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This eBook from the Gutenberg Project consists of approximately 211 pages of information about Gardening for the Million.

Eucryphia Pinnatifida.—­A dwarf evergreen shrub with flowers resembling a white St. John’s Wort.  It grows best in a compost of loam and peat, and is propagated by cuttings planted in sand, and subjected to heat.

Eugenia Ugni.—­An evergreen shrub which produces white flowers in May, succeeded by round, edible berries.  It should be grown in loam and peat.  Ripened cuttings may be struck in sand under glass.  Height, 4 ft.

Eulalia Japonica.—­A hardy perennial Giant Grass.  It is very handsome as single specimens on lawns, or used in groups on the margins of shrubberies.  The flower panicles in their first stage have erect branches, but as the flowers open these curl over gracefully, resembling a Prince of Wales feather.  Height, 6 ft.

Euonymus Radicans Variegata.—­A hardy evergreen shrub which, given a sunny situation, will grow in any soil, though a rich, sandy one is preferable.  It may be increased by layers, by seed, by cuttings of ripe wood taken early in autumn and planted in the shade, or by dividing strong roots.  May is its time to flower.  Height, 6 ft.  Other varieties of the Euonymus, or Spindle Tree, are equally hardy, and easy to propagate.

Eupatorium Odoratum.—­A greenhouse shrub which bears sweet-scented white flowers in August, continuing in bloom for a long while.  It may be planted out at the end of May, but must be lifted before the frost comes.  When flowering ceases, give less water and prune hard back.  It grows well in peat and loam, and is increased by seed or by cuttings of the young shoots in spring in bottom-heat.  Pinch back freely until the end of July, leaving all growth after that period.  Height, 2-1/2 ft.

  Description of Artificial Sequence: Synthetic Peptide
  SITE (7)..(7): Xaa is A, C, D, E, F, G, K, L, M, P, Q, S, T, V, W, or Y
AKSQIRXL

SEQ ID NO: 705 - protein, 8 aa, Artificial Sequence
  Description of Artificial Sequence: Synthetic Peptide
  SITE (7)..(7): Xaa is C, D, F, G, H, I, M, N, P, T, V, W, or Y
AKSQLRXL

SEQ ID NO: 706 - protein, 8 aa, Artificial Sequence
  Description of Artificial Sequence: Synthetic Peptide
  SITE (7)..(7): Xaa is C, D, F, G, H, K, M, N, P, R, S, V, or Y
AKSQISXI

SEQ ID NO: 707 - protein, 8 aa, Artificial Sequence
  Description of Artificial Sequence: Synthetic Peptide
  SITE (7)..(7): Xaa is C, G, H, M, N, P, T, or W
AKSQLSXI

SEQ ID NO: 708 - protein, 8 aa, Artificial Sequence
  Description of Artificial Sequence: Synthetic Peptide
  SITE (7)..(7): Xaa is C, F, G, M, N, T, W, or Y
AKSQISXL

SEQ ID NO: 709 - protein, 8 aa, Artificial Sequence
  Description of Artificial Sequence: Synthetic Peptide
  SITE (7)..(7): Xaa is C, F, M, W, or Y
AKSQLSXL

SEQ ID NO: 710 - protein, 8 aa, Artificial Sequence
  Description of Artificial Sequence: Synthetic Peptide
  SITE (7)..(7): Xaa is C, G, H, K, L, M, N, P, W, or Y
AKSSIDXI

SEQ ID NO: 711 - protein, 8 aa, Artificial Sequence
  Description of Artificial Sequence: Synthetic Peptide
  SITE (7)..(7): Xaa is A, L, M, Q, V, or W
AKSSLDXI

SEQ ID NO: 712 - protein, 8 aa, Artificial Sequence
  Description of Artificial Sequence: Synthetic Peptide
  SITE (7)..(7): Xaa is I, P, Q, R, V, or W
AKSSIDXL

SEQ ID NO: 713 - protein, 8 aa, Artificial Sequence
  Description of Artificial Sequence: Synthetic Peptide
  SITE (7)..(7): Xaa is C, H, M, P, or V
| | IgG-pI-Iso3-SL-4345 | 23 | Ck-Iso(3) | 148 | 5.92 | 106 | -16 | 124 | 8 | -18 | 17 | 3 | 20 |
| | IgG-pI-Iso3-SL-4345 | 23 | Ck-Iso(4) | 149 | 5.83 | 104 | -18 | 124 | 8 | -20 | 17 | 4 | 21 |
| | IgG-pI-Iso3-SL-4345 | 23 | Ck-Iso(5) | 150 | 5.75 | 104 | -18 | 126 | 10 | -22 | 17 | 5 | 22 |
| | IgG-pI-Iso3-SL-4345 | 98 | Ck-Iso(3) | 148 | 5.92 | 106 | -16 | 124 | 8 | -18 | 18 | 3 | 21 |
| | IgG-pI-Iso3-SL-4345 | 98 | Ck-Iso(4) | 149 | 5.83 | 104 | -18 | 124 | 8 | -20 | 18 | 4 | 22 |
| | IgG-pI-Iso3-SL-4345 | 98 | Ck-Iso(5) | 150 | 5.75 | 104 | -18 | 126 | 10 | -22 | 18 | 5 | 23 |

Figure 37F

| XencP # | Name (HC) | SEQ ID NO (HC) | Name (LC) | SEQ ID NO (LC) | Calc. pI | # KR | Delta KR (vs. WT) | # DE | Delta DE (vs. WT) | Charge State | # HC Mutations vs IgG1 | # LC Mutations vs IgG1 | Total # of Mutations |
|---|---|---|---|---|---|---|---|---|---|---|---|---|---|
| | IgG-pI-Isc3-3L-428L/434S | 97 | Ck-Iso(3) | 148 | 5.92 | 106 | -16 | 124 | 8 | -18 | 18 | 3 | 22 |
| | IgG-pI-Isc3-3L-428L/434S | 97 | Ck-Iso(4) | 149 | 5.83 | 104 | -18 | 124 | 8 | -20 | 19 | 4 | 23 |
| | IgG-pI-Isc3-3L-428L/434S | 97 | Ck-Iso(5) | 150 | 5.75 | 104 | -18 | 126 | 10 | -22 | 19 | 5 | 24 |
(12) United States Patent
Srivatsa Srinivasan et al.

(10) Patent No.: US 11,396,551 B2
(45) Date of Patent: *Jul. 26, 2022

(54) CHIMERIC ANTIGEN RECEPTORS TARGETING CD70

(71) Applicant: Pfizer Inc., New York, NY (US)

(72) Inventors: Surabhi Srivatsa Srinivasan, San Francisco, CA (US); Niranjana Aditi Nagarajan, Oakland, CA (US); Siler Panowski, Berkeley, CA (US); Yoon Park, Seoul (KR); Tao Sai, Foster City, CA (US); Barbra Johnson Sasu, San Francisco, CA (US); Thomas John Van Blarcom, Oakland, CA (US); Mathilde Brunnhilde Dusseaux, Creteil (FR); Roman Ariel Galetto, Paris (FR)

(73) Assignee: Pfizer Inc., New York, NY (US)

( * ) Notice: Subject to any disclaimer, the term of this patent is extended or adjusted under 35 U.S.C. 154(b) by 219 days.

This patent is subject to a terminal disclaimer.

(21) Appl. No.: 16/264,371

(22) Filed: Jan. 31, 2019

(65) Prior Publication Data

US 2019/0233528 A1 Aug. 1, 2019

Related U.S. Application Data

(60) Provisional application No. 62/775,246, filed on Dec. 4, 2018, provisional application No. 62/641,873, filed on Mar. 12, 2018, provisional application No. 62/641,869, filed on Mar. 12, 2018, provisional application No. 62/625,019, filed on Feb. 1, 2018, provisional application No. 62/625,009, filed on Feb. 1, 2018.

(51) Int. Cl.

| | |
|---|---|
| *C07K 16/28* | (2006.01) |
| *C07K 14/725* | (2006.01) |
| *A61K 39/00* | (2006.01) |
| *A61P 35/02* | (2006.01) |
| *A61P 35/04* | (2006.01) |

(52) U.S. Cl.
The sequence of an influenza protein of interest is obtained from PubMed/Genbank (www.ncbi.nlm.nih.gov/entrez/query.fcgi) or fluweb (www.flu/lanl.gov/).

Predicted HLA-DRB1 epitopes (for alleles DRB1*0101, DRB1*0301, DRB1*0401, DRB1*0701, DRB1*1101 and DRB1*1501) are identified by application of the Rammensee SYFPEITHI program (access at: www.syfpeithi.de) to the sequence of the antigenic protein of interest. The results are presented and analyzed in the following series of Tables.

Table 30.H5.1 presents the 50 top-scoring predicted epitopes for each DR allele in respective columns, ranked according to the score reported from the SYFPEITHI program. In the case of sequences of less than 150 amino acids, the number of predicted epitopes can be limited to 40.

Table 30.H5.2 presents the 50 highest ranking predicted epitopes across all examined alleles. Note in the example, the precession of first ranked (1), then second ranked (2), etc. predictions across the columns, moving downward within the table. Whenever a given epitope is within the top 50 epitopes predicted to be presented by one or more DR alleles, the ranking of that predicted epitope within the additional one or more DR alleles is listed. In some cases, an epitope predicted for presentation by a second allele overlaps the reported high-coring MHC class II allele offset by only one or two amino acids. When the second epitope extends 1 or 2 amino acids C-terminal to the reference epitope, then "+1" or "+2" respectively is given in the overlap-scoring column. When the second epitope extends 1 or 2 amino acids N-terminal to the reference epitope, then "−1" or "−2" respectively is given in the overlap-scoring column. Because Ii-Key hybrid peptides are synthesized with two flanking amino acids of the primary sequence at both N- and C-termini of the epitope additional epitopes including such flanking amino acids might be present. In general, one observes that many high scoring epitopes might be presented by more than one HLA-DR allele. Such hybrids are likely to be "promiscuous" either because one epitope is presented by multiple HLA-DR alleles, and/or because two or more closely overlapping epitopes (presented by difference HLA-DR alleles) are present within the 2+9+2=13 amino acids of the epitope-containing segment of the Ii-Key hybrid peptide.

Euphorbia.—­An elegant class of plants.  The stove and greenhouse varieties are generally succulent, and require but little water, while the hardy kinds need plenty of moisture.  Any rich, light soil suits them, but for the tender, succulent plants it should be mixed with brick rubbish.  Best grown from seed, though the roots may be divided.  Height, 2 ft.

Eurya Latifolia Variegata.—­A fine, variegated, large-leaved evergreen, very suitable for covering a low wall, or for conservatory decoration.  It delights in a compost of loam and peat, and is propagated by cuttings planted in a sandy soil on gentle heat.  Height, 2 ft.

Eurybia.—­Very pretty flowering shrubs for walls, borders, or rockeries.  They require a light, rich soil, and may be increased by seeds sown early in spring on a gentle hotbed.  Height, 2 ft.

Eutaxia Myrtifolia.—­Pretty evergreen shrubs, suitable for the greenhouse.  They thrive best in a mixture of peat and loam, and require the pots to be well drained.  To have nice bushy plants they must be pinched back well.  Cuttings will strike in sand under glass.  They flower in August.  Height, 1-1/2 ft.

Eutoca.—­Exceedingly pretty hardy annuals.  Sow the seed in light soil early in spring where it is to flower, and thin out so that the plants have plenty of room.  They bloom in July.  Height, 1-1/2 ft.

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